Safety Tips for Your Upcoming Mountain Road Trip

car driving in mountainsUnfortunately, we aren’t all lucky enough to live in a town where you can catch your first chairlift within 20 minutes of waking up. Most people must make the commute for day trips and many people live far enough that they need to make a weekend out of it.

The thing about driving to a mountain ski resort is, well, it’s in the mountains. This means the journey can be precarious at times as your car traverses across sketchy mountain passes.  Winter conditions only intensify the roads you may have to navigate. While you can never be completely prepared for speed bumps in your road trip, make sure you’re as prepared as possible! Here are our safety tips for a successful mountain road trip.

Before You Leave

Check the Car

Give yourself plenty of time to make sure your car is ready to handle mountain driving. This can include things such as being up to date on all service work like oil changes and inspecting your tires for appropriate tread levels (which is 1/8 of an inch).

Without proper traction, even a car with All-Wheel Drive can have trouble in extreme conditions. Some states have traction laws that, when in effect, issue tickets for cars that do not meet tread standard.

To make sure your tires are ready to go, get a little help from George Washington. Use a quarter to test your tread depth. Insert the quarter into the tread with George’s head facing down. If the tread covers the top of his head, then it is at least 1/8 of an inch deep. If the tread does not cover it at all, your tire’s tread is too shallow. Check multiple spots on each tire, and if any of the spots fail George’s test, your car isn’t the safest it can be. It’s time to get new tires.

Tire Quarter Test


Another important, but often looked-over item you should check is washer fluid. Make sure the car is completely full and you have extra in the car. The splash back from other cars can cake dirty substances to the windshield that can freeze. Without washer fluid, it can become impossible to see and therefore unsafe. Make sure your wiper blades are ready to tackle the elements as well.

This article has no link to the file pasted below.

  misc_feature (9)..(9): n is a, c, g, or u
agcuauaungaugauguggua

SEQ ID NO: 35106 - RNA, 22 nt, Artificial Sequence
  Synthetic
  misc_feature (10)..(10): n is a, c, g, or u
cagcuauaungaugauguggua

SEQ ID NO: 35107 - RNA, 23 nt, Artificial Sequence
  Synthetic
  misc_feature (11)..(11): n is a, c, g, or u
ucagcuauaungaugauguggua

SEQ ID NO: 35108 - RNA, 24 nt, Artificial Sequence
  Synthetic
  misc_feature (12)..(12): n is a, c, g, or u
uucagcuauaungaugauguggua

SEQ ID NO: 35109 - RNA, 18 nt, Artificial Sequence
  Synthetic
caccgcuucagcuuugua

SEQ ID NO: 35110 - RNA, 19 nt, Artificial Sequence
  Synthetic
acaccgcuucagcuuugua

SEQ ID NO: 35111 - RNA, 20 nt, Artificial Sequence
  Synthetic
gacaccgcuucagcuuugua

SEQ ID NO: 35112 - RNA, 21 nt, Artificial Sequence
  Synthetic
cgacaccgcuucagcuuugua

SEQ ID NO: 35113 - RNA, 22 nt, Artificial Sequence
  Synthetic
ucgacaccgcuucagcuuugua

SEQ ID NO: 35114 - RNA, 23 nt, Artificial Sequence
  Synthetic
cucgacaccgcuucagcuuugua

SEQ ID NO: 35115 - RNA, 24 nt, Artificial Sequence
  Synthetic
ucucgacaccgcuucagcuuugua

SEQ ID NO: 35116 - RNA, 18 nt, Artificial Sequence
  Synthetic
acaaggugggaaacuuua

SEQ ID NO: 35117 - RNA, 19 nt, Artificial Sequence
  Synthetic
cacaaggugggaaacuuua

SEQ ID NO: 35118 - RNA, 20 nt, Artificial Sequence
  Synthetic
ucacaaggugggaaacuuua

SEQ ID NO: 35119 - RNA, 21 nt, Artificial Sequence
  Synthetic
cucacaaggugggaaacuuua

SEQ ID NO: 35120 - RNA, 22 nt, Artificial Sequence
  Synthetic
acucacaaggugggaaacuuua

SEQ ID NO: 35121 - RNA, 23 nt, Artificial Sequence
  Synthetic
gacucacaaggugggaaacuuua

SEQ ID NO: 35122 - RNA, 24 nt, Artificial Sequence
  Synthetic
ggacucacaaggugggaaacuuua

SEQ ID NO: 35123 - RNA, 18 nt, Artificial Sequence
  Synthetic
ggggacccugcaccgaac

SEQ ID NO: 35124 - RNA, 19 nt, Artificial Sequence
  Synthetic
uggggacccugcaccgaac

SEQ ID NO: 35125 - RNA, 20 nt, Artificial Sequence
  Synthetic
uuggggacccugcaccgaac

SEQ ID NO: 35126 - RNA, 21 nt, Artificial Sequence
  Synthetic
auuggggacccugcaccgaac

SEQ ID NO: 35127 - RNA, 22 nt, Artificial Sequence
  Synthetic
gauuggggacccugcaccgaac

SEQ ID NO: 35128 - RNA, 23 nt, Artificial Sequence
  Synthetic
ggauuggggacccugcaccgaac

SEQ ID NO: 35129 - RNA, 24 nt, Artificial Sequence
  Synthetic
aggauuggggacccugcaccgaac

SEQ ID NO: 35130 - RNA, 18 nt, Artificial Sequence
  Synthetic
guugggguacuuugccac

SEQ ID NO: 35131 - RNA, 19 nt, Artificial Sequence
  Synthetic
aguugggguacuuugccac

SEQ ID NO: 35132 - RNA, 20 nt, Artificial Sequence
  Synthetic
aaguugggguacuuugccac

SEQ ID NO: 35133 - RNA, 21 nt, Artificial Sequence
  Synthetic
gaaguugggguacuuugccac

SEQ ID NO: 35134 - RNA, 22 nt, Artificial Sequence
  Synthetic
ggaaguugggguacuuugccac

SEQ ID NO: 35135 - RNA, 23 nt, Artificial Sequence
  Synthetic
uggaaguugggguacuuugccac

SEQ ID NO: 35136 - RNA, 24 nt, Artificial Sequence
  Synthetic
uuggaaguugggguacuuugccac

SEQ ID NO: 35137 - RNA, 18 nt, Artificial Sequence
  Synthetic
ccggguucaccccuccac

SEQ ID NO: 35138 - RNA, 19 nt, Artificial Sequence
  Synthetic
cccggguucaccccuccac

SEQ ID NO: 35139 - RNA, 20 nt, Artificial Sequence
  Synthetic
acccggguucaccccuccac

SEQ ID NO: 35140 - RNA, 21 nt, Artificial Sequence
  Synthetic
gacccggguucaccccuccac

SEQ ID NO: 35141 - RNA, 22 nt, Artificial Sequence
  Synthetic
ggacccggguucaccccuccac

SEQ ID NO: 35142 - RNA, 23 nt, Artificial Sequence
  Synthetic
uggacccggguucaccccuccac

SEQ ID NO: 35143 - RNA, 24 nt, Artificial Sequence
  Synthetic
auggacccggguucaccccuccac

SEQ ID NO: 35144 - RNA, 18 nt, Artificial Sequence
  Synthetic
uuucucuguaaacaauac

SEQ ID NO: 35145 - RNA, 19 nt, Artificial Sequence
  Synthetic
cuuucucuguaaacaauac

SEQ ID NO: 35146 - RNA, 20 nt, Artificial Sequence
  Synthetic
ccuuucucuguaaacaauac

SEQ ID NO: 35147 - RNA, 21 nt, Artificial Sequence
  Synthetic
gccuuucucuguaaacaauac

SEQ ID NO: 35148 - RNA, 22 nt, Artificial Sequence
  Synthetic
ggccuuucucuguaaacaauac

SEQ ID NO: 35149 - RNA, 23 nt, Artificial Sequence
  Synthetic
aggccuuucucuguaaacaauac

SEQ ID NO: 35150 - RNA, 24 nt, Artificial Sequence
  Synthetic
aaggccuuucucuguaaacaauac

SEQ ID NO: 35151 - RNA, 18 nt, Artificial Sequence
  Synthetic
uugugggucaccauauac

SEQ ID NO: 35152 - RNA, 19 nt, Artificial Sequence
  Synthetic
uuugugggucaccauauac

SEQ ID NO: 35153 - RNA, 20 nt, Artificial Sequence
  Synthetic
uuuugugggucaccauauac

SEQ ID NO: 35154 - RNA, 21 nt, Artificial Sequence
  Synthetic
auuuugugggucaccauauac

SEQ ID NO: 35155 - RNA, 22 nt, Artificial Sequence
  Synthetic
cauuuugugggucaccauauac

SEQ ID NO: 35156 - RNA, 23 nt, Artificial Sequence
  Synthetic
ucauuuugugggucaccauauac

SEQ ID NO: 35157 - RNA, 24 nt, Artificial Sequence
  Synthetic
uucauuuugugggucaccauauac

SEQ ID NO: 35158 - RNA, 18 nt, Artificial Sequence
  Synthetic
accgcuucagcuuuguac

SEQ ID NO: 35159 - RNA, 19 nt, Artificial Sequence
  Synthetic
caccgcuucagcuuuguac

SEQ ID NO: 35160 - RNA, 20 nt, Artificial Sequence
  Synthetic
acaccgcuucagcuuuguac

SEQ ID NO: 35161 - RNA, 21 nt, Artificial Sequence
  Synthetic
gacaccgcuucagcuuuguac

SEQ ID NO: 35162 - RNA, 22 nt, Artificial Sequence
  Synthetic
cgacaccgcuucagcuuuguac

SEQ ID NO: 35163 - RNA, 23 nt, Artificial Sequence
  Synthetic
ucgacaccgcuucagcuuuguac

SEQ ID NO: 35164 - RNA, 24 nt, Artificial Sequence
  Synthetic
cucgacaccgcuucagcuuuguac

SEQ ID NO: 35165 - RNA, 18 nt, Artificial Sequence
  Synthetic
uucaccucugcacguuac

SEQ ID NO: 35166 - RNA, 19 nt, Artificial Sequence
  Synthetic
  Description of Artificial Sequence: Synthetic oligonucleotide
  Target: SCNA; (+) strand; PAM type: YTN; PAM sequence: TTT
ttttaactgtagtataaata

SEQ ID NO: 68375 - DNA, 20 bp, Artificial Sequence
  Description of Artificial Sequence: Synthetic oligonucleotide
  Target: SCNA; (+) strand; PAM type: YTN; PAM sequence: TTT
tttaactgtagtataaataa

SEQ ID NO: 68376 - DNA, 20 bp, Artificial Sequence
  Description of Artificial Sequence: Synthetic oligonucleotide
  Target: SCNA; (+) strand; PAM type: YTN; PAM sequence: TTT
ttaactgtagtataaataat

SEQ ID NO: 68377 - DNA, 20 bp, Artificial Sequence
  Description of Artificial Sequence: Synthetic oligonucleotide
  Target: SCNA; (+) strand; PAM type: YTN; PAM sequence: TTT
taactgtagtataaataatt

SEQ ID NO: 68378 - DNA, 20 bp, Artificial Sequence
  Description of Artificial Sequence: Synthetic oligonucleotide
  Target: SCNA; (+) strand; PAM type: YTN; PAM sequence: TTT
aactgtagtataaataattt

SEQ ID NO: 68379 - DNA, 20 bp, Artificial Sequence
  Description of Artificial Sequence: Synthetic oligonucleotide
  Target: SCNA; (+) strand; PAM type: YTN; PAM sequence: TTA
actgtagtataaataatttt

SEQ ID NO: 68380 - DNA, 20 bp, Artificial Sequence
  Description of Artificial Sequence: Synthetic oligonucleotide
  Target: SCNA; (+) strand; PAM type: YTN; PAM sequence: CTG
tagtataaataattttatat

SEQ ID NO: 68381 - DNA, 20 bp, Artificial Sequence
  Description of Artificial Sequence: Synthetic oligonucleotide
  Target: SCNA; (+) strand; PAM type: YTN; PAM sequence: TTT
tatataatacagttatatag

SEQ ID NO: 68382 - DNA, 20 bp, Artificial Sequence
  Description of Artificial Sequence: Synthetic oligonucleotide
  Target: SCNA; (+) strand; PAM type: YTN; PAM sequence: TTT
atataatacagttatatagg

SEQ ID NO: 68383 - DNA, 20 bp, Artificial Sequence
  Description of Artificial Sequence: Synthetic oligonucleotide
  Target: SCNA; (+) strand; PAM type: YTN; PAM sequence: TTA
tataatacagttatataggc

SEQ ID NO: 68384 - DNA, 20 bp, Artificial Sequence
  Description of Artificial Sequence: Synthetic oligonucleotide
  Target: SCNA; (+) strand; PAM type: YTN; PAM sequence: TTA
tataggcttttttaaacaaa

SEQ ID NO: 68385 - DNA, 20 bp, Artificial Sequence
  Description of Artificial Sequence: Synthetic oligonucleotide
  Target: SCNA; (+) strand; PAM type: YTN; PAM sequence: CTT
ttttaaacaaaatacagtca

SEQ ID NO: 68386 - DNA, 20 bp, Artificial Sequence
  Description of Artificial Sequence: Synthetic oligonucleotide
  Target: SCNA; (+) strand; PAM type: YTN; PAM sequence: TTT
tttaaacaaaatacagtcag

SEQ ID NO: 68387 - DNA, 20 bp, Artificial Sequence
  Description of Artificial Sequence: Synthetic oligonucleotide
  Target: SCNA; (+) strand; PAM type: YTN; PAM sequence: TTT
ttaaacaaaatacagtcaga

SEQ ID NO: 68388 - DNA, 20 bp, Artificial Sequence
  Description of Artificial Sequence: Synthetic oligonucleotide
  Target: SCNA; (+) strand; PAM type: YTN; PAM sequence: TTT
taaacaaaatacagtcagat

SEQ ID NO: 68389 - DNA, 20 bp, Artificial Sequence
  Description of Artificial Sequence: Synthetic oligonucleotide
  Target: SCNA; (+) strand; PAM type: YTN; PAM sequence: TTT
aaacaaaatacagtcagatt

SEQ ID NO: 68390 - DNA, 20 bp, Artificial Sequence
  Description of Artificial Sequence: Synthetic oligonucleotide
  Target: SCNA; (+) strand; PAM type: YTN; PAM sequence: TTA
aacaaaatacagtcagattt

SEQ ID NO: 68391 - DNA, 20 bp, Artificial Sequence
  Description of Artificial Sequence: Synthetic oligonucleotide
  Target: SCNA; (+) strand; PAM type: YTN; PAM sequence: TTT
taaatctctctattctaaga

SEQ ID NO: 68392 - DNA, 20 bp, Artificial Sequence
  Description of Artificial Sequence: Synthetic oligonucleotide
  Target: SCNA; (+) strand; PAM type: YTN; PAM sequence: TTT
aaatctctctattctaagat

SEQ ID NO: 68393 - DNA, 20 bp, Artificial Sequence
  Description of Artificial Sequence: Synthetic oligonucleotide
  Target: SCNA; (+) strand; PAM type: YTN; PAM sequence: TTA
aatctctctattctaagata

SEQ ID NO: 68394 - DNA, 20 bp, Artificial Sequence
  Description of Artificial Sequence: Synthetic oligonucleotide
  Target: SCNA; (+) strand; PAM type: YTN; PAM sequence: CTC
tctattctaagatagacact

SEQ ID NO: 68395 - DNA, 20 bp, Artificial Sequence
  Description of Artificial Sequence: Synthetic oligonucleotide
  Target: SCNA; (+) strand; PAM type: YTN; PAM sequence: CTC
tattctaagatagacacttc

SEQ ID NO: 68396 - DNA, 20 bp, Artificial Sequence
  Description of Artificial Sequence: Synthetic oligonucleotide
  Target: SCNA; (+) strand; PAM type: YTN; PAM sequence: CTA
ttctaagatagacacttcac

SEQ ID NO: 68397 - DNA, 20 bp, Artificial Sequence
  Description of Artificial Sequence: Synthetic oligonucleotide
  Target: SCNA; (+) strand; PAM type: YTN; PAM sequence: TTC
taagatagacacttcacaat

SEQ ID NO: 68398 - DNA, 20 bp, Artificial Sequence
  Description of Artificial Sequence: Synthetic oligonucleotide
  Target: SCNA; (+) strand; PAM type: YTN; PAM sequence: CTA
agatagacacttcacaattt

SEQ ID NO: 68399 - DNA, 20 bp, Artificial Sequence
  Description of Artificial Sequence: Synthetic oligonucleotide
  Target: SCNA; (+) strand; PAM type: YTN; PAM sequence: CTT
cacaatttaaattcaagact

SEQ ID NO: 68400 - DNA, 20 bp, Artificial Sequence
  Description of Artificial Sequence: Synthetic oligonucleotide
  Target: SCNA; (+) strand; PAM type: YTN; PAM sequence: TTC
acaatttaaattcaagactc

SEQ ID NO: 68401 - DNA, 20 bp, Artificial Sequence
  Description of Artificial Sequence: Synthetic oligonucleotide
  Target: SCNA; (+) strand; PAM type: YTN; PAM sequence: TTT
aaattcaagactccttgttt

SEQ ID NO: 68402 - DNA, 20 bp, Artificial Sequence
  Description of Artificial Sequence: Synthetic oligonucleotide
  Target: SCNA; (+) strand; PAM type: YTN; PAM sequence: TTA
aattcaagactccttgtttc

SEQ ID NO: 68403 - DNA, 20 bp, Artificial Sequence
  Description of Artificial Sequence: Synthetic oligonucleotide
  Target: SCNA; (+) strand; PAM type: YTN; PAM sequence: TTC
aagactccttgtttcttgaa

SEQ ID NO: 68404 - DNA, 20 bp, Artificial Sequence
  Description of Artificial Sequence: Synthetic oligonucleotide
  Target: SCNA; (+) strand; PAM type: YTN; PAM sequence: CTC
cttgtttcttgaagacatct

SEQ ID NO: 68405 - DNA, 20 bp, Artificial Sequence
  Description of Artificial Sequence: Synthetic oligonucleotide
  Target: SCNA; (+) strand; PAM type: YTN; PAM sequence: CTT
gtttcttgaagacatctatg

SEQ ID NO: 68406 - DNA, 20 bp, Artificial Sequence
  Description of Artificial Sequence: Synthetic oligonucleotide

Emergency Car Kits

Stock your car with everything you may need in case of an emergency. Here’s a quick list of items you should have for a road trip, especially in adverse weather:

  • First aid kit
  • Plenty of water
  • Food, such as trail mix and granola bars
  • Blankets and extra layers
  • Flashlight with fresh batteries
  • Car cell phone charger
  • Shovel
  • Kitty litter (To pour under tires for traction if you get stuck)

On the Drive

Be sure to get a good night’s rest before the drive. Have a good selection of music and books on tape to help keep you alert and awake. Of course, you’ll be anxious to reach your destination, but be cautious when driving on roads that are not dry.

Even if the road appears to be only wet, there could be black ice hiding underneath. If driving at night, dim the dashboard lights to help eliminate anything that could disrupt visuals on the road. It’s always best to have your headlights on when driving in the mountains regardless if it’s night or not, and especially if it’s snowing or raining. Even if it’s not providing you any noticeable help, it makes it easier for other cars to see you.

It can be stressful planning for a ski trip but don’t let the drive worry you. Follow these safety tips and have a successful mountain road trip.

Bailey Valian

Bailey was born and raised in a small Colorado mountain town called Crested Butte. This is where her love for the outdoors started. She has now found herself in Denver, CO where the mountains aren't too far away. When she's not hiking, camping or skiing in the mountains she enjoys traveling, volunteering, going to sporting events (Go Broncos and Avs!) and making friends with any animal she meets.

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